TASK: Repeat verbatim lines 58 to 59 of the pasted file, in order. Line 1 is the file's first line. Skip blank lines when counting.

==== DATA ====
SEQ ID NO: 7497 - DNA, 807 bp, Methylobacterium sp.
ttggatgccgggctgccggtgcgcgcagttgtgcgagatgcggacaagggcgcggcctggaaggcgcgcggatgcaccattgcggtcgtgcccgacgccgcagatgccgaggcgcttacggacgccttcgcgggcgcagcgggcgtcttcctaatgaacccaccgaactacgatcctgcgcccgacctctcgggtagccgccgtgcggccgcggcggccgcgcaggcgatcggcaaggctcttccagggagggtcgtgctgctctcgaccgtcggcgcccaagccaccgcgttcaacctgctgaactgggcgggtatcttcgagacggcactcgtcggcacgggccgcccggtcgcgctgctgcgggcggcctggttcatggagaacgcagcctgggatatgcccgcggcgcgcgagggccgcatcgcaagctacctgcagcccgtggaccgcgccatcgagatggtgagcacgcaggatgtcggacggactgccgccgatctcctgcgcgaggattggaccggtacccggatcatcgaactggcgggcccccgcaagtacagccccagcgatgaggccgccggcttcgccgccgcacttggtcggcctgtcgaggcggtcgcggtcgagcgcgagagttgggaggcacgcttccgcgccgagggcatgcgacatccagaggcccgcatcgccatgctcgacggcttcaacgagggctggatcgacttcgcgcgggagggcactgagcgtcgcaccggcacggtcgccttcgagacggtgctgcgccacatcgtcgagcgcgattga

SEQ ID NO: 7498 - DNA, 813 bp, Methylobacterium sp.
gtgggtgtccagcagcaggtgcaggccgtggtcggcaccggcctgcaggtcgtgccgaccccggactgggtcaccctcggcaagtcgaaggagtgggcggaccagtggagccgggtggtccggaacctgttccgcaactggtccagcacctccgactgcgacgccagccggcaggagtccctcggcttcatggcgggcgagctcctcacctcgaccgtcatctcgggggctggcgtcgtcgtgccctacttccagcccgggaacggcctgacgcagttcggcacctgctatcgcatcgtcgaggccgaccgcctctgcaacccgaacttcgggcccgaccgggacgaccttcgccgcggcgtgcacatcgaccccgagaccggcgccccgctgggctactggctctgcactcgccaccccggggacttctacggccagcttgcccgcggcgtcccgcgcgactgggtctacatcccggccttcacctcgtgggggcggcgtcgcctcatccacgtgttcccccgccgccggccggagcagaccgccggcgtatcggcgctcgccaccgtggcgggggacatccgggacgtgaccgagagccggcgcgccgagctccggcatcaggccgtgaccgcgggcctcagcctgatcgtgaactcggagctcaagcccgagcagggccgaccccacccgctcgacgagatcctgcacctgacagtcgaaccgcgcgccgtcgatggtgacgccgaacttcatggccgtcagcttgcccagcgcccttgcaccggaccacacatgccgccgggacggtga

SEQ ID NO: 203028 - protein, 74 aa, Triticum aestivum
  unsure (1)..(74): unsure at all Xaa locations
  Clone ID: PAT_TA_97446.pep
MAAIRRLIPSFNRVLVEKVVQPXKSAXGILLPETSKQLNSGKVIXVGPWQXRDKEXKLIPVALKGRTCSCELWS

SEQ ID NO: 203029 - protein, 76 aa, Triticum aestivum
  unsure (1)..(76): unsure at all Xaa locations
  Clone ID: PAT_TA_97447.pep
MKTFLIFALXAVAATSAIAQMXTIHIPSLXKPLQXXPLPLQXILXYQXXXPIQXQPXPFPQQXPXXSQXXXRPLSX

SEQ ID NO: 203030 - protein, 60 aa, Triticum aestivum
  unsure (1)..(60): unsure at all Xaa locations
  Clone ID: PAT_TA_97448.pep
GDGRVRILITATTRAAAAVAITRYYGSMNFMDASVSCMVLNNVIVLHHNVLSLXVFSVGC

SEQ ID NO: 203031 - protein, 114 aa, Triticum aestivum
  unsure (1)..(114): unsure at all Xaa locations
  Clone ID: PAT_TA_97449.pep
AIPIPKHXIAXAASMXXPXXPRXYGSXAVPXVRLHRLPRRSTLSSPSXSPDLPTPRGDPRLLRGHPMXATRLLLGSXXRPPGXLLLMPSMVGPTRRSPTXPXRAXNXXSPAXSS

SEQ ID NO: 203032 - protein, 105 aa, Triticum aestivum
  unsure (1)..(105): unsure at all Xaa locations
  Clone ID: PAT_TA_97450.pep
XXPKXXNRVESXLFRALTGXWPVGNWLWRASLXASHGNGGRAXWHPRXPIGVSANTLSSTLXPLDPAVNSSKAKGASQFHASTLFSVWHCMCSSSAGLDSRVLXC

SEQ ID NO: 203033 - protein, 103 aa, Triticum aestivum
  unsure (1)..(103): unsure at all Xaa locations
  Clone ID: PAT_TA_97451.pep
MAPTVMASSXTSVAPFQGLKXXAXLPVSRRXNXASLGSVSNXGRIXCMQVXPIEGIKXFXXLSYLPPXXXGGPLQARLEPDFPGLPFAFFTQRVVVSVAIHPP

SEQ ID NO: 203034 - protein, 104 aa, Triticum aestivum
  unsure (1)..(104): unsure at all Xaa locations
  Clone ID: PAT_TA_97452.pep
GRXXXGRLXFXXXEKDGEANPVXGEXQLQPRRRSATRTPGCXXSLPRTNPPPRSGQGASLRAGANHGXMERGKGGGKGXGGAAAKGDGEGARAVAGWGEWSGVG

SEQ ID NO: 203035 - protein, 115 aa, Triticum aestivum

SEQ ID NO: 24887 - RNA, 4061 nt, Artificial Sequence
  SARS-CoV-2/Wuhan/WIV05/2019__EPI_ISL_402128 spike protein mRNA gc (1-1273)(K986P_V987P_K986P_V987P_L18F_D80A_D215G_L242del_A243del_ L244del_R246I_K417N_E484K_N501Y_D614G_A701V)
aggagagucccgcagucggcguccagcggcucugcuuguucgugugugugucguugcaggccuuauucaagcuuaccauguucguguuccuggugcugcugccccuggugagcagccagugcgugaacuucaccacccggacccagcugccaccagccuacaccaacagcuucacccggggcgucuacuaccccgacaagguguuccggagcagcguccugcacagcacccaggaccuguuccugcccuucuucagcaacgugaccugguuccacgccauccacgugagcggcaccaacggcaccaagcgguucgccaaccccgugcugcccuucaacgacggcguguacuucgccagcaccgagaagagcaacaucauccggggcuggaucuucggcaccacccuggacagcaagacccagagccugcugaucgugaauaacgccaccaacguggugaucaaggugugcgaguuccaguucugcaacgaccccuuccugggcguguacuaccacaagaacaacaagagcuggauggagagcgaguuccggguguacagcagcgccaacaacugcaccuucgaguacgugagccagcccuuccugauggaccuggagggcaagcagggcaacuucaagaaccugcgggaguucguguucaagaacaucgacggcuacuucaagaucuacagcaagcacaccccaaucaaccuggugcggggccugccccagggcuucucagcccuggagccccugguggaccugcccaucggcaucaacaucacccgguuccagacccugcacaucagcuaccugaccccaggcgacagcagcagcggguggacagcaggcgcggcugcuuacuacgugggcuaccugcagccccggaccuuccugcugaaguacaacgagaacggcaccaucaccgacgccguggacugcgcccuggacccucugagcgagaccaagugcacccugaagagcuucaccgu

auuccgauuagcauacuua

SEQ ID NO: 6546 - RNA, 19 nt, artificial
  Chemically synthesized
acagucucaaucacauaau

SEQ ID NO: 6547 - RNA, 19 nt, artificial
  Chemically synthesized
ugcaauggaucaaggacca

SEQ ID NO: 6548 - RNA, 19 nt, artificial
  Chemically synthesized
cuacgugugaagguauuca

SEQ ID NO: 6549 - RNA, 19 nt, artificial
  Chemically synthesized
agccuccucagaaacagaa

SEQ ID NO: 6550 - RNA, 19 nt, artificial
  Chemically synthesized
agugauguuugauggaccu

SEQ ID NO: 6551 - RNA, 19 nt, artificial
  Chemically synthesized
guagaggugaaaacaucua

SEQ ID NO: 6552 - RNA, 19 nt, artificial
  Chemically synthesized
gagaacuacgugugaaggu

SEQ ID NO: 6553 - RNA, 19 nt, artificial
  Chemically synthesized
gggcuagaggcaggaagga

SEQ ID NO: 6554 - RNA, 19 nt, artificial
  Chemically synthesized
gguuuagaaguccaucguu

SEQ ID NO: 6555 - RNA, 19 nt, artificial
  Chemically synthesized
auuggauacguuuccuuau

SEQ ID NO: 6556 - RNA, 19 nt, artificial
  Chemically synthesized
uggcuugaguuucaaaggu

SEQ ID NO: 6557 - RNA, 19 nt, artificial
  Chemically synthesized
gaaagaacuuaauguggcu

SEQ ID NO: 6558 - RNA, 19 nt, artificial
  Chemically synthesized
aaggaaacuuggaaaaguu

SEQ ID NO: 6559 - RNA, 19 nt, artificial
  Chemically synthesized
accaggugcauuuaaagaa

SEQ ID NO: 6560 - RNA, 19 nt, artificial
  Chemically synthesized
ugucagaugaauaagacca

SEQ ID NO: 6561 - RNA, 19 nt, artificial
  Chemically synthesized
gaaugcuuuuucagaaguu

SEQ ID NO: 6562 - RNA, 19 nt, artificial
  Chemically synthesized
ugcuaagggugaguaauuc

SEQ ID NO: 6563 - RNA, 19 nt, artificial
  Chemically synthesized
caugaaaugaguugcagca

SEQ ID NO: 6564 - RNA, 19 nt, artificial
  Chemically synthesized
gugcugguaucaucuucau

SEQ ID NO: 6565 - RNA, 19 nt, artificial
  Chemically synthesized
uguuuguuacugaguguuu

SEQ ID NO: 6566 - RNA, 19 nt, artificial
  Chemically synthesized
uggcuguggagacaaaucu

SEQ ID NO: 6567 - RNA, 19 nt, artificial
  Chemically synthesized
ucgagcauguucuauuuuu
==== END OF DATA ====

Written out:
gagaacuacgugugaaggu

SEQ ID NO: 6553 - RNA, 19 nt, artificial